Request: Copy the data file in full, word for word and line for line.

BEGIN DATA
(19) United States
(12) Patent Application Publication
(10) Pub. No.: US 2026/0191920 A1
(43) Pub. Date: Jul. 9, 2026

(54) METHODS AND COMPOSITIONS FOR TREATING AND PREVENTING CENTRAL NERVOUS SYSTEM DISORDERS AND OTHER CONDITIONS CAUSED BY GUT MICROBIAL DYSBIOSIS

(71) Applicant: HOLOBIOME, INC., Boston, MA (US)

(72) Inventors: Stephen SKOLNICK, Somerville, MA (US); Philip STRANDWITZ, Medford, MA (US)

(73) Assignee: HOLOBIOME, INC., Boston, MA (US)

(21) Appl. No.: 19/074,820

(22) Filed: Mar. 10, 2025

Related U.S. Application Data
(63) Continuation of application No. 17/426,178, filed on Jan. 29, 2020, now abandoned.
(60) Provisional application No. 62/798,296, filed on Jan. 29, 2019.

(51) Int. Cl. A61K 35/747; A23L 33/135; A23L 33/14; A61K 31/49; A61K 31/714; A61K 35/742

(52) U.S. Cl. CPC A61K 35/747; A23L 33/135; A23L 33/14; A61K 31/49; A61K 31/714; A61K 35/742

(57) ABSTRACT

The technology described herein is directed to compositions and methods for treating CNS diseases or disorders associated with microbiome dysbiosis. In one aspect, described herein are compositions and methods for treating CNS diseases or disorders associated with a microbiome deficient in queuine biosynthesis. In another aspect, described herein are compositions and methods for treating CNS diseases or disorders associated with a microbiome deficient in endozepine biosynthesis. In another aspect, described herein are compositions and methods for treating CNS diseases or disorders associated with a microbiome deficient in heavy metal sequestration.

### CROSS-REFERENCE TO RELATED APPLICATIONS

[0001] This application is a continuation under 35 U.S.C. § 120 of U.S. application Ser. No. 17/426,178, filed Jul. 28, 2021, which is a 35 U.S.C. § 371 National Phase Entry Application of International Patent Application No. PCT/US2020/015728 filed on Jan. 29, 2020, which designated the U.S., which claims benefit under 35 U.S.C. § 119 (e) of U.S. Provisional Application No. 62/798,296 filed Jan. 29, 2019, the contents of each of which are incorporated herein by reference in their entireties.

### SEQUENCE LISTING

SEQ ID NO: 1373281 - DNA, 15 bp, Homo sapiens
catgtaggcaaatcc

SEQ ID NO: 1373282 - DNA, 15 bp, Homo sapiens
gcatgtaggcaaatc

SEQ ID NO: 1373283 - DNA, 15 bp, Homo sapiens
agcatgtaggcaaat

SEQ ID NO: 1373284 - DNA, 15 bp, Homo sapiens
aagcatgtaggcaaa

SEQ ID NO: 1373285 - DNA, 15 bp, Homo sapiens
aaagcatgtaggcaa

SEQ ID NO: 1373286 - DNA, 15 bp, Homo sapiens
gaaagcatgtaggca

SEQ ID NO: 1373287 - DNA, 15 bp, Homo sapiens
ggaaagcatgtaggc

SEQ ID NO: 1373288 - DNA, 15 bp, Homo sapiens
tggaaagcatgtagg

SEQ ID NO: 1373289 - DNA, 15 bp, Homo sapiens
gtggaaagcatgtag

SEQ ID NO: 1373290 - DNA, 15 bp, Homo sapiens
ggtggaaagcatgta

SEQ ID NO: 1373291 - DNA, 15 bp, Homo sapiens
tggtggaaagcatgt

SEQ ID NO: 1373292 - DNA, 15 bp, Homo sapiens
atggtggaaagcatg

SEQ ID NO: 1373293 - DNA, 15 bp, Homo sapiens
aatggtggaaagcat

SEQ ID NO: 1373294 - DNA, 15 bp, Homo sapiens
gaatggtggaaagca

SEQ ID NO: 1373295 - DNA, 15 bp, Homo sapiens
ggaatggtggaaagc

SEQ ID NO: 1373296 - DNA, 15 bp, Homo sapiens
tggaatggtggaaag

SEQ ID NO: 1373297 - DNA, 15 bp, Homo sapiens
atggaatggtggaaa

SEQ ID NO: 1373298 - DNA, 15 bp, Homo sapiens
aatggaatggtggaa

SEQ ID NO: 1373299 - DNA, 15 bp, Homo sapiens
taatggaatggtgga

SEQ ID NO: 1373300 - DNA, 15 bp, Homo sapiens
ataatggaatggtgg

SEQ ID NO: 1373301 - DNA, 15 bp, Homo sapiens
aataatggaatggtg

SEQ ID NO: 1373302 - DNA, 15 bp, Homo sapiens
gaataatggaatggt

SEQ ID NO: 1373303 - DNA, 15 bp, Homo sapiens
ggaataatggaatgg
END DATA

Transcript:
(19) United States
(12) Patent Application Publication
(10) Pub. No.: US 2026/0191920 A1
(43) Pub. Date: Jul. 9, 2026

(54) METHODS AND COMPOSITIONS FOR TREATING AND PREVENTING CENTRAL NERVOUS SYSTEM DISORDERS AND OTHER CONDITIONS CAUSED BY GUT MICROBIAL DYSBIOSIS

(71) Applicant: HOLOBIOME, INC., Boston, MA (US)

(72) Inventors: Stephen SKOLNICK, Somerville, MA (US); Philip STRANDWITZ, Medford, MA (US)

(73) Assignee: HOLOBIOME, INC., Boston, MA (US)

(21) Appl. No.: 19/074,820

(22) Filed: Mar. 10, 2025

Related U.S. Application Data
(63) Continuation of application No. 17/426,178, filed on Jan. 29, 2020, now abandoned.
(60) Provisional application No. 62/798,296, filed on Jan. 29, 2019.

(51) Int. Cl. A61K 35/747; A23L 33/135; A23L 33/14; A61K 31/49; A61K 31/714; A61K 35/742

(52) U.S. Cl. CPC A61K 35/747; A23L 33/135; A23L 33/14; A61K 31/49; A61K 31/714; A61K 35/742

(57) ABSTRACT

The technology described herein is directed to compositions and methods for treating CNS diseases or disorders associated with microbiome dysbiosis. In one aspect, described herein are compositions and methods for treating CNS diseases or disorders associated with a microbiome deficient in queuine biosynthesis. In another aspect, described herein are compositions and methods for treating CNS diseases or disorders associated with a microbiome deficient in endozepine biosynthesis. In another aspect, described herein are compositions and methods for treating CNS diseases or disorders associated with a microbiome deficient in heavy metal sequestration.

### CROSS-REFERENCE TO RELATED APPLICATIONS

[0001] This application is a continuation under 35 U.S.C. § 120 of U.S. application Ser. No. 17/426,178, filed Jul. 28, 2021, which is a 35 U.S.C. § 371 National Phase Entry Application of International Patent Application No. PCT/US2020/015728 filed on Jan. 29, 2020, which designated the U.S., which claims benefit under 35 U.S.C. § 119 (e) of U.S. Provisional Application No. 62/798,296 filed Jan. 29, 2019, the contents of each of which are incorporated herein by reference in their entireties.

### SEQUENCE LISTING

SEQ ID NO: 1373281 - DNA, 15 bp, Homo sapiens
catgtaggcaaatcc

SEQ ID NO: 1373282 - DNA, 15 bp, Homo sapiens
gcatgtaggcaaatc

SEQ ID NO: 1373283 - DNA, 15 bp, Homo sapiens
agcatgtaggcaaat

SEQ ID NO: 1373284 - DNA, 15 bp, Homo sapiens
aagcatgtaggcaaa

SEQ ID NO: 1373285 - DNA, 15 bp, Homo sapiens
aaagcatgtaggcaa

SEQ ID NO: 1373286 - DNA, 15 bp, Homo sapiens
gaaagcatgtaggca

SEQ ID NO: 1373287 - DNA, 15 bp, Homo sapiens
ggaaagcatgtaggc

SEQ ID NO: 1373288 - DNA, 15 bp, Homo sapiens
tggaaagcatgtagg

SEQ ID NO: 1373289 - DNA, 15 bp, Homo sapiens
gtggaaagcatgtag

SEQ ID NO: 1373290 - DNA, 15 bp, Homo sapiens
ggtggaaagcatgta

SEQ ID NO: 1373291 - DNA, 15 bp, Homo sapiens
tggtggaaagcatgt

SEQ ID NO: 1373292 - DNA, 15 bp, Homo sapiens
atggtggaaagcatg

SEQ ID NO: 1373293 - DNA, 15 bp, Homo sapiens
aatggtggaaagcat

SEQ ID NO: 1373294 - DNA, 15 bp, Homo sapiens
gaatggtggaaagca

SEQ ID NO: 1373295 - DNA, 15 bp, Homo sapiens
ggaatggtggaaagc

SEQ ID NO: 1373296 - DNA, 15 bp, Homo sapiens
tggaatggtggaaag

SEQ ID NO: 1373297 - DNA, 15 bp, Homo sapiens
atggaatggtggaaa

SEQ ID NO: 1373298 - DNA, 15 bp, Homo sapiens
aatggaatggtggaa

SEQ ID NO: 1373299 - DNA, 15 bp, Homo sapiens
taatggaatggtgga

SEQ ID NO: 1373300 - DNA, 15 bp, Homo sapiens
ataatggaatggtgg

SEQ ID NO: 1373301 - DNA, 15 bp, Homo sapiens
aataatggaatggtg

SEQ ID NO: 1373302 - DNA, 15 bp, Homo sapiens
gaataatggaatggt

SEQ ID NO: 1373303 - DNA, 15 bp, Homo sapiens
ggaataatggaatgg